This study assess the impact of Foreign Direct Investment in Nigerian economic growth over the period of 1990-2011. Data from Central Bank of Nigeria (CBN) Statistical Bulletin was used. The Ordinary Least Square (OLS) technique was specified and used to examine the relationship between the variables which includes the Gross Domestic Product as the dependent variable, export, Exchange rate, foreign direct investment and trade openness as the independent variables. The explanatory power of the model was given by the R2 of 85.5% and was subjected to t-test and f-test to test the significance of the independent.
1.1 Background of the study
Investors’ decisions and actions globally are influenced significantly by the dictates of self-interest which suggests that capital, not only be channeled to high-yielding economic sectors but also to those that are ostensibly quick yielding economies. On balance therefore investors would spun profitable opportunities characterized by extreme competitions, market glut, unfavorable regulation, long gestation periods and opt instead for investments that yield high returns within the shortest time possible. Base on this view, investors generally migrate from
one economy to another in search of better investment climate and higher returns.
This form of capital movement results in the creation of a typical investment called Foreign Direct Investment. In the opinion of Jomo (1988) Foreign Direct Investment can be explained to represent the flow of tangibles from a country abroad of capital, equipment and other production and processing facilities into a host economy. It is also defined as a long term investment reflecting a lasting interest and control by a foreign direct investors (or parent enterprise), of an enterprise entity residents in an economy other than that of the foreign investor (IMF, 1993).
Foreign Direct Investment is widely thought to bring with it into the host country a bundle of productive assets including long term foreign capital, entrepreneurship, technology skills, innovative capacity and managerial, organizational and export marketing know-how. The distinctive feature of Foreign Direct Investment is that it involves not only a transfer of resources but also the acquisition of control. i.e the subsidiary does not simply have a financial obligation to the parent company, if is part of the same organizational structure (Krugman and Obstfeld,2000). Foreign Direct Investment involves much more
than the simple transfer of capital or the establishment of a local factory in a developing nation. Multinational carry with them technologies of production, tastes and diverse business practices including cooperative arrangement, marketing restrictions advertising and the phenomenon of transfer pricing. They engage in a range of activities, many of which have little to do with the development aspirations of the countries in which they operate. (Todaro, 2000).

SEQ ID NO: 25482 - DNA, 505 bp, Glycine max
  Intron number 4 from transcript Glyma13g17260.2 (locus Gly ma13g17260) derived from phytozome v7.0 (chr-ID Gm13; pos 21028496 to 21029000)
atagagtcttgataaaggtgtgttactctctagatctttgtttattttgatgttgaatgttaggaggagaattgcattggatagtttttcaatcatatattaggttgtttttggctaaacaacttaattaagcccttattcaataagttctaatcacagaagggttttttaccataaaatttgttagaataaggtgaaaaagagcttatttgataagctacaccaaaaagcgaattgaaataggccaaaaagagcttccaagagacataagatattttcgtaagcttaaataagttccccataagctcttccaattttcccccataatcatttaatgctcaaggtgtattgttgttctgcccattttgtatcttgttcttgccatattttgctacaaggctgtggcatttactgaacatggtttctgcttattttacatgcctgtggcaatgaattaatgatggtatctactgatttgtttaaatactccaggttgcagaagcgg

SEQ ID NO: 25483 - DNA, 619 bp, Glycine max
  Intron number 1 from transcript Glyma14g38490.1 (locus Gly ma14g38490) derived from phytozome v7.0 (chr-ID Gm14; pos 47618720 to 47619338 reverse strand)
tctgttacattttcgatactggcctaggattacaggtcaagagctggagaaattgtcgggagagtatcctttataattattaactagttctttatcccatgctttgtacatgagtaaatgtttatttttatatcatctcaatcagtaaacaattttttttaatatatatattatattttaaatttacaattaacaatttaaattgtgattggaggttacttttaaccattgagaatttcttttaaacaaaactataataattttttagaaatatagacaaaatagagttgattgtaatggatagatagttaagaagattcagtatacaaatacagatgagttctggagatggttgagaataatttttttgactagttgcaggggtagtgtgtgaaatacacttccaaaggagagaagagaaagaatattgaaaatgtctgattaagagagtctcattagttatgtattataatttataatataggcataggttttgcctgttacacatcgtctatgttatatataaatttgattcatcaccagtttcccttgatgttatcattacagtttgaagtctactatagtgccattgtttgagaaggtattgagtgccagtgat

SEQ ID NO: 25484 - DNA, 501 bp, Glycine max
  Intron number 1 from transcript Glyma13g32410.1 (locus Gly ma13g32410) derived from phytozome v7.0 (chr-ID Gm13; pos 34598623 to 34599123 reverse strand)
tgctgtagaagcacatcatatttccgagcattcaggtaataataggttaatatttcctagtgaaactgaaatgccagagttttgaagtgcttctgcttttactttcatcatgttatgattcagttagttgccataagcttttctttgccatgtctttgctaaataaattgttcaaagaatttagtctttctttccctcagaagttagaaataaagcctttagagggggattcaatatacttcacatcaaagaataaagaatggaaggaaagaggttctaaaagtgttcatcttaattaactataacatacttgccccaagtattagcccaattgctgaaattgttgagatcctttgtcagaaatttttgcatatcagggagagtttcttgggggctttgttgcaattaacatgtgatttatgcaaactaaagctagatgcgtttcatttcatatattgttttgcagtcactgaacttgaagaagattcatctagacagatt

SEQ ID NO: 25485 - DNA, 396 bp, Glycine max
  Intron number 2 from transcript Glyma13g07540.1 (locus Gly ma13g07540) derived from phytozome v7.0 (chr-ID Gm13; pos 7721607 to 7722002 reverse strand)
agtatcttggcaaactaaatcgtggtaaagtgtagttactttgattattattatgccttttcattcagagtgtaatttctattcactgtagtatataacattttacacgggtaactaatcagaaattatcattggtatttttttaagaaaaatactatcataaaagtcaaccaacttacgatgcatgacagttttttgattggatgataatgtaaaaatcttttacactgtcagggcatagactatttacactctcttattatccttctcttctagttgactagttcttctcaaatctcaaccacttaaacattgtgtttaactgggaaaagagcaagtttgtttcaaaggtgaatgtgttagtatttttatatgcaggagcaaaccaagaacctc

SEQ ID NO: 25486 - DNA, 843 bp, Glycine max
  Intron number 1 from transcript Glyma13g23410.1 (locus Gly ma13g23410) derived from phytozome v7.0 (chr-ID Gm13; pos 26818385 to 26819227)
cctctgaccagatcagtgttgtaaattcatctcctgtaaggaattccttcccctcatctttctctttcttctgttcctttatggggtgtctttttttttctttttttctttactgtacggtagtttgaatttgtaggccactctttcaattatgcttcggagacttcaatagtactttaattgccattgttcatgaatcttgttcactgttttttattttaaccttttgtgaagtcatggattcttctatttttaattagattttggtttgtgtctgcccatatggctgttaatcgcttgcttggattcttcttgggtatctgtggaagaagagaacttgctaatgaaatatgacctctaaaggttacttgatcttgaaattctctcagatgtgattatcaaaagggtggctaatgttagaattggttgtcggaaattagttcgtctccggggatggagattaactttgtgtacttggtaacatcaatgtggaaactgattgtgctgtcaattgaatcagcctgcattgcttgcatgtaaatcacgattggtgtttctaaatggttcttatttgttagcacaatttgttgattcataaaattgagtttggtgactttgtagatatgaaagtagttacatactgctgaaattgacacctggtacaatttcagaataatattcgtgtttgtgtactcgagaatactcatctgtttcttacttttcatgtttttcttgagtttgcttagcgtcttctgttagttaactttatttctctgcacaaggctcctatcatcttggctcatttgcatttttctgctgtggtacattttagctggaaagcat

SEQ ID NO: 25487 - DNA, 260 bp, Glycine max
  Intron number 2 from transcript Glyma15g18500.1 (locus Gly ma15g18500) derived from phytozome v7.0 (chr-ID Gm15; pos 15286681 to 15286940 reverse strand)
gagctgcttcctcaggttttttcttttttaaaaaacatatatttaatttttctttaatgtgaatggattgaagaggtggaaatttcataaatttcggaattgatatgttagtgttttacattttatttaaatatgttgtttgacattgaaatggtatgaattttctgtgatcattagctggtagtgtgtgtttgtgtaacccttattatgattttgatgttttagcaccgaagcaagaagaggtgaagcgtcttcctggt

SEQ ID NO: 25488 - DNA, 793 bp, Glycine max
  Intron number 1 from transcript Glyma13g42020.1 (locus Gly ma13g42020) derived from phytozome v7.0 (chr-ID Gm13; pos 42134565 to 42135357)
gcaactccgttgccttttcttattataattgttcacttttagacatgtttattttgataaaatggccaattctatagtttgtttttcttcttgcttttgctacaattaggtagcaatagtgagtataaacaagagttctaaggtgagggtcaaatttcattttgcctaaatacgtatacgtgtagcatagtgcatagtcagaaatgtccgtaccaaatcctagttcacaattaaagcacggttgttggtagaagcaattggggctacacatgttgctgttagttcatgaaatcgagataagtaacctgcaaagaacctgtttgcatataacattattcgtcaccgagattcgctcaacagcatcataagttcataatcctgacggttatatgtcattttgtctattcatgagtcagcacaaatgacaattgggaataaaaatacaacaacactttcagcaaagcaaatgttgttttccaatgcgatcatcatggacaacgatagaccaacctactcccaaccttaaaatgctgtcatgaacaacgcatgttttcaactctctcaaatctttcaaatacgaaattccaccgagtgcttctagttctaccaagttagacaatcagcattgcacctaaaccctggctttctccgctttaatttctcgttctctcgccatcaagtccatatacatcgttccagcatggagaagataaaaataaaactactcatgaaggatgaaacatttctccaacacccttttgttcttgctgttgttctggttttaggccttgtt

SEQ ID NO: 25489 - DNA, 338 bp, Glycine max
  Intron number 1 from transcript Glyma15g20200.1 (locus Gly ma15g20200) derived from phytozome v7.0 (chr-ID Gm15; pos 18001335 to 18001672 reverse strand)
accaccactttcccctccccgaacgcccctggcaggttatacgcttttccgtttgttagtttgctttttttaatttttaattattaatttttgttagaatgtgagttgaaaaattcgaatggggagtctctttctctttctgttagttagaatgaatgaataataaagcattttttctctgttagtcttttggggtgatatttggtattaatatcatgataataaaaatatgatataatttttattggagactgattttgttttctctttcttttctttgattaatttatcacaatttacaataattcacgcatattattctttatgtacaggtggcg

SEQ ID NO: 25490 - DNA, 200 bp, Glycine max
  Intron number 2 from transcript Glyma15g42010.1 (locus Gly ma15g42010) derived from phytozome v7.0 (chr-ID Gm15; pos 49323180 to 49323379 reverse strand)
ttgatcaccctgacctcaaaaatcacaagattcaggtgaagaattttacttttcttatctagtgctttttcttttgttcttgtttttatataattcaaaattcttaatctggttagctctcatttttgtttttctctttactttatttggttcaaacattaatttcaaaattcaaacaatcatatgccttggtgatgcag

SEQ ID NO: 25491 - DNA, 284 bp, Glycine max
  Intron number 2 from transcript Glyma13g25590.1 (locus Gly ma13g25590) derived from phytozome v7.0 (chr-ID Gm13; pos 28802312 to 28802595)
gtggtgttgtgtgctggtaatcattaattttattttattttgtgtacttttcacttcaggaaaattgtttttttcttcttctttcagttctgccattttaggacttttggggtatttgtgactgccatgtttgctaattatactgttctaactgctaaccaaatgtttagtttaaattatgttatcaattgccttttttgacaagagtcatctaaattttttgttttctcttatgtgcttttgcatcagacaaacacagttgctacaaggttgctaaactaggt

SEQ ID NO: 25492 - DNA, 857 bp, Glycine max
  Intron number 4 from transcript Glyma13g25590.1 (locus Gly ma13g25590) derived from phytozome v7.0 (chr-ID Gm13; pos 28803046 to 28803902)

Temle (1999) demonstrates that technical changes and technological learning which are significant components of Foreign Direct Investment represent important determinants of economic growth. Furthermore, it is relevant to add that technology is generated by Research and Development (R&D), most of which is conducted in industrialized countries making technology transfer very important for economic prosperity of countries with weak Research and Development (R&D) and innovation capacities.
Political and economic policies bothering on FDI assist immensely in stimulating the economic growth of the recipient nations Change (2001) believes that in the 16th and 17th centuries deliberate transfer policies of King Henry viii made Britain a leading manufacturing nation. Among the hotly debated issues in development, economics is the role played presently by FDI in export performance of developing countries such as the case of East and South East Asian country. FDI flows to Africa have expanded only marginally and are still at levels behind those of other developing countries. The region accounted for less than 1% of the global total FDI inflows in the late part of 1990s (Odenthal, 2001) while inflows to developing countries as a group increased from U.S $20billion to U.S $75billion between 1981 and 1985. Africa’s share of that inflow dropped (UNCTAD 1999). Historically, low rates of FDI inflows to the region and Nigeria in particular are explained by hostile policies, unstable political environment characterized by civil wars and armed conflicts, lack of effective regional integration efforts, poor and deteriorating infrastructure, burdensome regulations or lack of institutional capacity to implement FDI to establish confidence.